Ilona Nickels
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Accountability of Elected Officials
Career Paths to Congress
Chaplains in the U.S. Congress
House Ethics Process
House/Senate Differences
Lame Duck Congress: Attendance and Voting
Members of Congress: a Job Description
Oath of Office for Members of Congress
Pledge of Allegiance: Standing for the Pledge
Pledge of Allegiance: Use in Congress
Qualifications to Run for Congress
Senate: 50-50 Split?
Senate Majority Leader: A Job Description
Sessions of Congress: Lengths
Size of House and Senate
Speaker of the House: a Job Description
Speaker of the House: Resignation from Office
Amending the Constitution
Constitutionality of Legislation
August Recesses
First Congress
GOP: Origins of Term
Ideology: Left or Right
Lame Duck Congress: Definition
Party Animals: the Donkey and the Elephant
Statue of Freedom
U.S. Citizenship Test
Amendment Tree in the Senate
Changing a Law
Conference Committees: In Decline
Conference Committees: Procedures
“Deem and Pass” Procedure
Executive Orders
Holds in the Senate
How to Find Basic Legislative Information
How to Keep Up With Congress
Types of Legislation

Capitol Corner

Speaker of the House:
Resignation from Office

Is an ousted Speaker supposed to resign from office? When does the new leadership come into place?

Speaker of the House: Resignation from Office by Ilona NickelsThe new leadership assumes office, along with all Members of Congress, when they take the oath of office on the opening day of the new Congress, now scheduled for January 3, 2011. The new leaders will be chosen within their party caucuses, by secret ballot – and those internal party choices for the nominations to the office of Speaker, Majority Leader, Minority Leader, Majority Whip, Minority Whip, and conference/caucus chairs are expected to take place in mid-November, 2010.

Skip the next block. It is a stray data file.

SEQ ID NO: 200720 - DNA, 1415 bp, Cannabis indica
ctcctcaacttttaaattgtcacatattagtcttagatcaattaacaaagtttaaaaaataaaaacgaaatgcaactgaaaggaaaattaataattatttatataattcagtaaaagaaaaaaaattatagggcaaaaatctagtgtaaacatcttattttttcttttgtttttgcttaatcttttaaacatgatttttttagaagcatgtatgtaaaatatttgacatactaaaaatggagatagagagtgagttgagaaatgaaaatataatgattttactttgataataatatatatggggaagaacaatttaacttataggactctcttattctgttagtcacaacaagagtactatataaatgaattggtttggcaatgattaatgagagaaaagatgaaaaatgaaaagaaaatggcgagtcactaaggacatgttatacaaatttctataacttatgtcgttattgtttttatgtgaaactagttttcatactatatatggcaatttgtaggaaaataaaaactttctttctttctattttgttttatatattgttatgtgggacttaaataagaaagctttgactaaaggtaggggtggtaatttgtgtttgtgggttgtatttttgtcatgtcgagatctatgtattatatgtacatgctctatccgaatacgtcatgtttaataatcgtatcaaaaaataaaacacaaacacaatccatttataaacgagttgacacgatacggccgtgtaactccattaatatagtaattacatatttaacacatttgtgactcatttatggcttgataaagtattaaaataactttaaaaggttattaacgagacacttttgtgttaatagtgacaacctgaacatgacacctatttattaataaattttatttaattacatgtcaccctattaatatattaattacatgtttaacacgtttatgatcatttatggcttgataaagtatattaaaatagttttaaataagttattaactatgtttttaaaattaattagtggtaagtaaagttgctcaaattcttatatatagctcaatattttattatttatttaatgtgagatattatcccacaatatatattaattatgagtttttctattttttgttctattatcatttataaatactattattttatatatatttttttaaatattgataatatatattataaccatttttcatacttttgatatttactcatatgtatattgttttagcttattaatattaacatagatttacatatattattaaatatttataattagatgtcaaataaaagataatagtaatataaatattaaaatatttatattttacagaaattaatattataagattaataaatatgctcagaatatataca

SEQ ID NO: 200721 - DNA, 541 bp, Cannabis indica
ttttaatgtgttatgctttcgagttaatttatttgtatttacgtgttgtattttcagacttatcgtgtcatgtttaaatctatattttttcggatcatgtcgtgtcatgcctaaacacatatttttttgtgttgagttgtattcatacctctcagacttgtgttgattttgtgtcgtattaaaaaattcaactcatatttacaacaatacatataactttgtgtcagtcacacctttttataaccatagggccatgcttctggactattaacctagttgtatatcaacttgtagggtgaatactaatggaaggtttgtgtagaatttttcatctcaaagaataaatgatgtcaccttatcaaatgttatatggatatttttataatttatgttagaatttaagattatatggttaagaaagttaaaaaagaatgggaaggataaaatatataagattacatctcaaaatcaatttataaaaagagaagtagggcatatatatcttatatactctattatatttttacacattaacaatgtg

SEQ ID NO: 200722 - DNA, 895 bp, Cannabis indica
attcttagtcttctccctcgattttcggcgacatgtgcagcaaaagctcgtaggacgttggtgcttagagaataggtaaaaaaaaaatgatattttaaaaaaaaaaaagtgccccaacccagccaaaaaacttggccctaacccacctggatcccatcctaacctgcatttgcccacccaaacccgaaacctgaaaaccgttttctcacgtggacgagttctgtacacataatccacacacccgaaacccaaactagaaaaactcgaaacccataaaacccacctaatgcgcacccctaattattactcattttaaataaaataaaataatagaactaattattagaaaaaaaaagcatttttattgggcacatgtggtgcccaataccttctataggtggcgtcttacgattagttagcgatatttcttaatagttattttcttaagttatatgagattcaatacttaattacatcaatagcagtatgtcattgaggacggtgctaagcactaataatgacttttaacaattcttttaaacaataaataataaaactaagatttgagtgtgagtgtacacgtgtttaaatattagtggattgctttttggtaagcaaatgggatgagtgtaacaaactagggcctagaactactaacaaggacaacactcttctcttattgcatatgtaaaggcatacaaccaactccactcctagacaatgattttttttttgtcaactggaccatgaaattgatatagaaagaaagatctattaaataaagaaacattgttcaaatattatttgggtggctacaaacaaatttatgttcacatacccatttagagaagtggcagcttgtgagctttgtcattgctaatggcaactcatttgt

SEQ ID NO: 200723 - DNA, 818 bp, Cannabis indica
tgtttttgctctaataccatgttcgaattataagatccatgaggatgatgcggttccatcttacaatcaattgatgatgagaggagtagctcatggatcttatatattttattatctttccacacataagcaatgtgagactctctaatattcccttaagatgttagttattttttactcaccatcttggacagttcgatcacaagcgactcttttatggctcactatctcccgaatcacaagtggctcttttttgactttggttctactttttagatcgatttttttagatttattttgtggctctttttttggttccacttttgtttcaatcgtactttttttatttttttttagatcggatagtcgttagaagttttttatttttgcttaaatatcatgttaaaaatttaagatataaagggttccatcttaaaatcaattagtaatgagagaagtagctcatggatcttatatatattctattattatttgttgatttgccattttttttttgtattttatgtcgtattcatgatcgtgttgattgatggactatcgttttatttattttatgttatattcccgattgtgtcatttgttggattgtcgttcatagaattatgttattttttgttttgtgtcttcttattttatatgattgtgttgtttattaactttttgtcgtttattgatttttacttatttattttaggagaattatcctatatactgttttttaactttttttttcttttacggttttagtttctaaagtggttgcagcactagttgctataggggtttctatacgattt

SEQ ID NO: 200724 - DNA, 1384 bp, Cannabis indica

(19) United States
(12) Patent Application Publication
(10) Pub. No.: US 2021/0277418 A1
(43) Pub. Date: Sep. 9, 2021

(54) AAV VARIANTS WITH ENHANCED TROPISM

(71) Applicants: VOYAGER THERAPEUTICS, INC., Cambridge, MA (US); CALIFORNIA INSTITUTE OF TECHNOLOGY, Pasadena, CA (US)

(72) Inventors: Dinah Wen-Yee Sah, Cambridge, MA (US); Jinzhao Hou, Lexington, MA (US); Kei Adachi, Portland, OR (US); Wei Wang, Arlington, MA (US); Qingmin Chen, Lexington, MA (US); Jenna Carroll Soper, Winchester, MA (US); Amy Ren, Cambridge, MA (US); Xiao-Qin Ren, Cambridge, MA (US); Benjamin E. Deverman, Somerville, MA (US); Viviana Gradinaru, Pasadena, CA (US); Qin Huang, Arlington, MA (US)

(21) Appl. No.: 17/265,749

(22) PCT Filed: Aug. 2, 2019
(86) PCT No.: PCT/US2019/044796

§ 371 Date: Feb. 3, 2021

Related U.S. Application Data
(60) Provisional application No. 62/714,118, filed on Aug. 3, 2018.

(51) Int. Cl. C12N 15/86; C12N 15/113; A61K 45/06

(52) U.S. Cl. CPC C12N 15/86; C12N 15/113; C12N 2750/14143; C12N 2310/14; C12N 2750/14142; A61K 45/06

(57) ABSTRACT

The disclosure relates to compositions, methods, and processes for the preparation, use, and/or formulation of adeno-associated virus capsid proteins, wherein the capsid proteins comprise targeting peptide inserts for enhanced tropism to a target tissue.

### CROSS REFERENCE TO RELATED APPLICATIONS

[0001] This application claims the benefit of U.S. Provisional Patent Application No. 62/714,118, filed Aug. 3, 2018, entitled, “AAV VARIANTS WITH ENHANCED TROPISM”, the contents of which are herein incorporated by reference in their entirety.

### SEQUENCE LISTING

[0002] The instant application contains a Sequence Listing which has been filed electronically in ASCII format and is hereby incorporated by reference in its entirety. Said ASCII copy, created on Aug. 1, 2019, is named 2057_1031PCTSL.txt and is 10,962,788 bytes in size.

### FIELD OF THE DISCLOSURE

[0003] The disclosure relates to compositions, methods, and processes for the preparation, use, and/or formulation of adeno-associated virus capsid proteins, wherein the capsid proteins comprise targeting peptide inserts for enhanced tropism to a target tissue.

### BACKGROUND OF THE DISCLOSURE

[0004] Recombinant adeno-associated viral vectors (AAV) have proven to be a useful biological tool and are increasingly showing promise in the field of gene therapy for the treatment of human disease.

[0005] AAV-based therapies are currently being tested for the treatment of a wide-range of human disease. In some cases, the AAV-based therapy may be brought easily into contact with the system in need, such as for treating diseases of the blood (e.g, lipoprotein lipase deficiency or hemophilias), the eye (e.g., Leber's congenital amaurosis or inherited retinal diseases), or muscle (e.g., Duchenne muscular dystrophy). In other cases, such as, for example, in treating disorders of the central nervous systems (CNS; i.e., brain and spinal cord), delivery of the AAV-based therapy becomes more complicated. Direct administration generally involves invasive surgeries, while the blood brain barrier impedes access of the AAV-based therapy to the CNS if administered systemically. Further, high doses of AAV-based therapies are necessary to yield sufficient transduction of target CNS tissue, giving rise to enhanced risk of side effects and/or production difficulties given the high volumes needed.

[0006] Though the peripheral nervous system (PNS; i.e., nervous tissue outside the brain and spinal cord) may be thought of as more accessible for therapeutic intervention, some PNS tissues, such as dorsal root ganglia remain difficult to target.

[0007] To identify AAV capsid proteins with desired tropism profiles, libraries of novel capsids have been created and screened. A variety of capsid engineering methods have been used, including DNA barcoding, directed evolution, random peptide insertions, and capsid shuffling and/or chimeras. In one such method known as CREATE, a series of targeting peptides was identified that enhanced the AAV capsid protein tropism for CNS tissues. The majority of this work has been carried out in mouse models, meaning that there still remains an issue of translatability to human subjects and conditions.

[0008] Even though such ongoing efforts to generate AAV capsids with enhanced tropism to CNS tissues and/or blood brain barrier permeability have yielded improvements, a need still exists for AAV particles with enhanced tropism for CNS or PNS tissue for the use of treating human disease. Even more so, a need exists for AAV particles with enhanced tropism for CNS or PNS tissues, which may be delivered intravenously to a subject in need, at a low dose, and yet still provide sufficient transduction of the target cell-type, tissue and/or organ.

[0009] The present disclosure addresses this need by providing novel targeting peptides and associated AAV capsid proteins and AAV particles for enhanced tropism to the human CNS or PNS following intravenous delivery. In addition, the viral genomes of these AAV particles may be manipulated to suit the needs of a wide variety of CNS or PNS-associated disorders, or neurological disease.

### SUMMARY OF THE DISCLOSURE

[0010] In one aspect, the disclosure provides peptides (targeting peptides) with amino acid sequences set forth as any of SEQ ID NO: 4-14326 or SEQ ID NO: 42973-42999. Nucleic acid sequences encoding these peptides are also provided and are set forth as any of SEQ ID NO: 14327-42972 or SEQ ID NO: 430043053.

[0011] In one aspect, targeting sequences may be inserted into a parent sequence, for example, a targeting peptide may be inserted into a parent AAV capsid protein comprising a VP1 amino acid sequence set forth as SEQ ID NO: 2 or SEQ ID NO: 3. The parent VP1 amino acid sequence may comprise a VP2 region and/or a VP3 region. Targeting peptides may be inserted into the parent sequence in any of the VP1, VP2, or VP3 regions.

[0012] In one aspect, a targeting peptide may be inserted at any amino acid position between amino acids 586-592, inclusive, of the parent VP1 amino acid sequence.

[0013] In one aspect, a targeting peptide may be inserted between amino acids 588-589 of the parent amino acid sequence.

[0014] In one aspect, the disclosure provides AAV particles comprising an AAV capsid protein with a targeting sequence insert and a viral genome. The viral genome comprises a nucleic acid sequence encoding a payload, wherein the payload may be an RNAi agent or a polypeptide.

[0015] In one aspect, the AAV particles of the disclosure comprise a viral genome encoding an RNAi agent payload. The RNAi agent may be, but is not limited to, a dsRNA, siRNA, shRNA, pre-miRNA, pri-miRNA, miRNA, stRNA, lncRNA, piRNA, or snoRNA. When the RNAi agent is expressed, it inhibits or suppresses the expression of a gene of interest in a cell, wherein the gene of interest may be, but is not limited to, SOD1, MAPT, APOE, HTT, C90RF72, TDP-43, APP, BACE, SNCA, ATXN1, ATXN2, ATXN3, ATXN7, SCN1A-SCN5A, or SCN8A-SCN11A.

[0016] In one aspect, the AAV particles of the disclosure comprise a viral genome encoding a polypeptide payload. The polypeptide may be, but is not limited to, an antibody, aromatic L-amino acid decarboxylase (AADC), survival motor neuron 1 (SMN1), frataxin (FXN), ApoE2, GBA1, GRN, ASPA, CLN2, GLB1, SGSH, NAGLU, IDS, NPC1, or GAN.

There is no requirement that a Speaker, whose party has just lost the majority in the House, resign from office – but they usually do. It is difficult for any official to shrink back to a greatly reduced role in the House after having served as its top officer.

The reasons are easy to understand. Former Speaker Dennis Hastert (R-IL), who served as Speaker from 1999-2007, said when he resigned from the House, that he felt like a retired coach watching from the stands while others led his former team. He just didn’t want to stick around and watch.

But the bottom line is that any Speaker is also a duly elected Member of the House. Nancy Pelosi will no longer be Speaker when Republicans take the majority in the new Congress, but she will still be the elected representative from San Francisco, California. Only the voters of the 8th congressional district can remove her from that position. Assuming her re-election on November 2nd, it will be her decision whether or not to resign from the House entirely, or to stay in the House in a reduced role.

The Democratic Caucus of the House will have internal elections in mid-November to choose their leaders for the 112th Congress. Nancy Pelosi could run for the office of Minority Leader in the new Congress. However, her colleagues in the Democratic party might not want to have her keep any leadership role. After all, Speakers are judged on their ability to lead the majority party and expand its numbers, not shrink them. They are also judged on their ability to get the party’s legislative agenda enacted and on their ability to be an effective voice for the party’s policy goals in communicating with the public and the press. Rep. Pelosi herself may choose not to seek any leadership position or her fellow Democrats may make it clear that they will not nominate her for the post.

Here’s what other recent Speakers have done:

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